Keyboards going the way of the dodo?
Anyone who has used a computer has used a keyboard. Before that, it was a typewriter. We as a society are all familiar with keyboards. We type on them everyday. Its the input device of choice, combined with a mouse, to enter data into our computer and make our day productive. Well, this is us now, what about in 5 years? Well, if the new Gartner study has anything to say, keyboards will go the way of the dodo bird, doomed to extinction by touch screen devices. Who is going to bring about this change? The tweens. The 13-15 year olds who will emerge in 5 years who will be used to an iPhone, and iPad, and other touchscreen devices.
According to their latest study, Gartner has said that more than half of PCs purchased for use by under 15s in 2015 will have touchscreen.
“Multitouch on smartphones and the Apple iPhone phenomenon have shown users how useful touch can be with the right implementation, and Apple’s introduction of the larger iPad has set off a wave of speculation about changing the industry,” said Leslie Fiering, research vice president at Gartner.
“What we’re going to see is the younger generation beginning to use touchscreen computers ahead of organisations.”
Gartner said the “muscle memory of mouse users and the potential problems of moving a user’s hands from the keyboard to the mouse will create particular adoption barriers” in business use.
“As with many recent technology advances, touch adoption will be led by consumers and only gradually get accepted by the organisation,” Fiering said.
“What will be different here is the expected widespread adoption of touch by education, so that an entire generation will graduate within the next 10 to 15 years for who touch input is totally natural.”
I don’t know how I feel about that. I am used to a keyboard. I am a touch typist, so a keyboard just works for me. I use a touchscreen on my iPod Touch and my G1. It took a little getting used to, but I mostly have the hang of it. I only swear at them occasionally now, instead of hourly. Would I miss a keyboard? I am not sure. I typed on the new iPad recently and it was fairly responsive for me. It needs a little work to feel like my Logitech keyboard. I like feeling the resistance of keys and the “click” noise they make when typing. Will touchscreens take over? We’ll see what consumers have to say.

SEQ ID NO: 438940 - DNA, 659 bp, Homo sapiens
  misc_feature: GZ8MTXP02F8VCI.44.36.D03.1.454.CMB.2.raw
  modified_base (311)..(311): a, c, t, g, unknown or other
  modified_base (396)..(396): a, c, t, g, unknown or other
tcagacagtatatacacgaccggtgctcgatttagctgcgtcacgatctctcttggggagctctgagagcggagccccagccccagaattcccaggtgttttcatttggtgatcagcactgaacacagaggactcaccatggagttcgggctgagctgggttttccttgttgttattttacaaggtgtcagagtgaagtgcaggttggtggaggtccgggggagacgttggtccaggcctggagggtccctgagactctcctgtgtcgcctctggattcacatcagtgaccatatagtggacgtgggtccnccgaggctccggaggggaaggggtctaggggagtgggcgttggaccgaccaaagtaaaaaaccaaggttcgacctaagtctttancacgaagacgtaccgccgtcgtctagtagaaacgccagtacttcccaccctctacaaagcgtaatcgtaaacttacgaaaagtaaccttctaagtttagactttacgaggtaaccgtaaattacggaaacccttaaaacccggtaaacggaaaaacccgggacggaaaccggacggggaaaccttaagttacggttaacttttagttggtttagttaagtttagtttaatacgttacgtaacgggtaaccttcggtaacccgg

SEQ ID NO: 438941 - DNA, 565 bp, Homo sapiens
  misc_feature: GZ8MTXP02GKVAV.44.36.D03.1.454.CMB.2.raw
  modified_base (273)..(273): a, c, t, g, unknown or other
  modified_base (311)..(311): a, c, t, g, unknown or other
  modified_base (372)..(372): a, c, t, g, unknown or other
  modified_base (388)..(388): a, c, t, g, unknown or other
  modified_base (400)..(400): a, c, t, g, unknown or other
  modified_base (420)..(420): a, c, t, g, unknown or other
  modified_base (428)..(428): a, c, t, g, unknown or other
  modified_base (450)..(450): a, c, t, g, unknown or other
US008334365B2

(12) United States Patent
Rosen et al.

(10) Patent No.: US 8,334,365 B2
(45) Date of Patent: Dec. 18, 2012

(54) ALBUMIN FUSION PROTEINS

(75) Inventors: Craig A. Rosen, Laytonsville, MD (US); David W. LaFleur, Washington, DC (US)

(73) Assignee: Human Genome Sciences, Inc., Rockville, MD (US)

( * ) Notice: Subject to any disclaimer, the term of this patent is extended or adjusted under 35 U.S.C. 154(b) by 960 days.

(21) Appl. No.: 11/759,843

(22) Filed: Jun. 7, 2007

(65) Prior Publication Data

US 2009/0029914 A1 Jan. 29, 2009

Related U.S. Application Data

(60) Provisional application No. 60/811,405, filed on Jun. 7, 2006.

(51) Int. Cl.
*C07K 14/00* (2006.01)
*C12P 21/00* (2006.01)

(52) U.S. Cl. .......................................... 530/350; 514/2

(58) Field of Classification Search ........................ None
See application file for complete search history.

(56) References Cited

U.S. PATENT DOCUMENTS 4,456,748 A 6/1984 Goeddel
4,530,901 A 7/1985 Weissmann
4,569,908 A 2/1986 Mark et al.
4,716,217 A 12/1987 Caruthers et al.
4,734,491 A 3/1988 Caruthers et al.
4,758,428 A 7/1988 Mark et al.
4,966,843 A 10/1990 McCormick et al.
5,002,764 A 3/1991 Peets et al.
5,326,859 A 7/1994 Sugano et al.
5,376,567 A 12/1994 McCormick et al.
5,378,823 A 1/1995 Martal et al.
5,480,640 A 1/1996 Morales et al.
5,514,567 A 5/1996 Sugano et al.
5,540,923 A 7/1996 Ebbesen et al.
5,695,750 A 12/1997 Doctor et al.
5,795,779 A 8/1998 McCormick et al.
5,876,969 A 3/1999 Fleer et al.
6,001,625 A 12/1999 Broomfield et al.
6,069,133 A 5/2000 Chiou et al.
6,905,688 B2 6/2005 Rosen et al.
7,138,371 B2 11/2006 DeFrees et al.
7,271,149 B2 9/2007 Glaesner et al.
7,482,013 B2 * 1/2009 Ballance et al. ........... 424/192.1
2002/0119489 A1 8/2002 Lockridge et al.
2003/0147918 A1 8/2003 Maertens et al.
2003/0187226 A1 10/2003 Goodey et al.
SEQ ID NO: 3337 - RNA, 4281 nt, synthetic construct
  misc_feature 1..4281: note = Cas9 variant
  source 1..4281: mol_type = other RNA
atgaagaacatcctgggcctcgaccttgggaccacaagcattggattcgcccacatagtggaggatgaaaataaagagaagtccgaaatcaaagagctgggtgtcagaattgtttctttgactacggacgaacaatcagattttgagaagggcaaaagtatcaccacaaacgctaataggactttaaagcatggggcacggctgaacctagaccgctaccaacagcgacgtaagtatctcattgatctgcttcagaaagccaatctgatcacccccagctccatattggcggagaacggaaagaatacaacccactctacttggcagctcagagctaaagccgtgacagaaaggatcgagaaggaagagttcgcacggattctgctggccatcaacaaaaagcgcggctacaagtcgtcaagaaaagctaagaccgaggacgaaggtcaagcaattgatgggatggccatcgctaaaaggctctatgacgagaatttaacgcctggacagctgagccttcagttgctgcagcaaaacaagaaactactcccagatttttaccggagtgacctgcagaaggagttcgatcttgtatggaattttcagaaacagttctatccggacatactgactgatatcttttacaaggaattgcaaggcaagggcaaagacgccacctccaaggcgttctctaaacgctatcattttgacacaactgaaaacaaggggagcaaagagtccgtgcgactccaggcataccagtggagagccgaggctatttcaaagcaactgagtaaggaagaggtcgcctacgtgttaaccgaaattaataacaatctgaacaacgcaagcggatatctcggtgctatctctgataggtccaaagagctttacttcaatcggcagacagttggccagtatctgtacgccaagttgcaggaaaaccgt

04/07/2010 at 1:30 pm
Hmmm, I think tactile and audio feedback are more important than we assume and will be around for awhile yet. Call me old-fashioned, but the Atlantis word processor was a revelation for me – primarily because it generates old-timey typewriter sounds when writing with it !!!
It’s not just my imagination either, I actually get more done with this type of audio feedback. (Drives colleagues and spouses up a wall though, so I recommend headphones if you’re not alone)
04/07/2010 at 3:30 pm
Uh huh. When those tweens grow up and become journalists, authors, coders, consultants, in fact anyone who has to type reports, manage spreadsheets, databases or in fact any other common business use, I don’t think their ‘gesture’ skills will be much use.
‘Gartner said the “muscle memory of mouse users and the potential problems of moving a user’s hands from the keyboard to the mouse will create particular adoption barriers” in business use’. Gartner make money from spouting guff like this! Muscle memory indeed.
The problem is that many bloggers and analysts only look at this from a narrow perspective. Because many professional bloggers can get by using using a twitter app on the iPhone or WordPress on Android they forget that this has absolutely no bearing in the ‘real’ world where reports need to be typed, code needs to be written and databases need to be updated. Keyboards and mice will be with us for a long time to come.
Besides, you can’t get rid of the finest gaming devices known to humankind that easy!
04/07/2010 at 11:52 pm
That’s not happening as long as touchscreens remain unable to provide the tactile feedback of a real keyboard.
Go ahead, pretend to touch-type on a flat glass surface and tell me that it DIDN’T murder your fingers.
It’s actually one of the main reasons I can’t really stand pure slate Tablet PCs much. Sure, I love having that pen for non-plain-text input, but being a touch-typist on a real keyboard helps a lot with all the essays they throw at students like myself.
(Also, I think I see an IBM Model M in that keyboard pile. Judging from the file name, how could someone manage to break one of those? I just don’t see that happening to one of the rugged older Model Ms unless you’re actually TRYING to break it.)
04/08/2010 at 10:58 am
Maybe he thinks no one will read stuff in the future…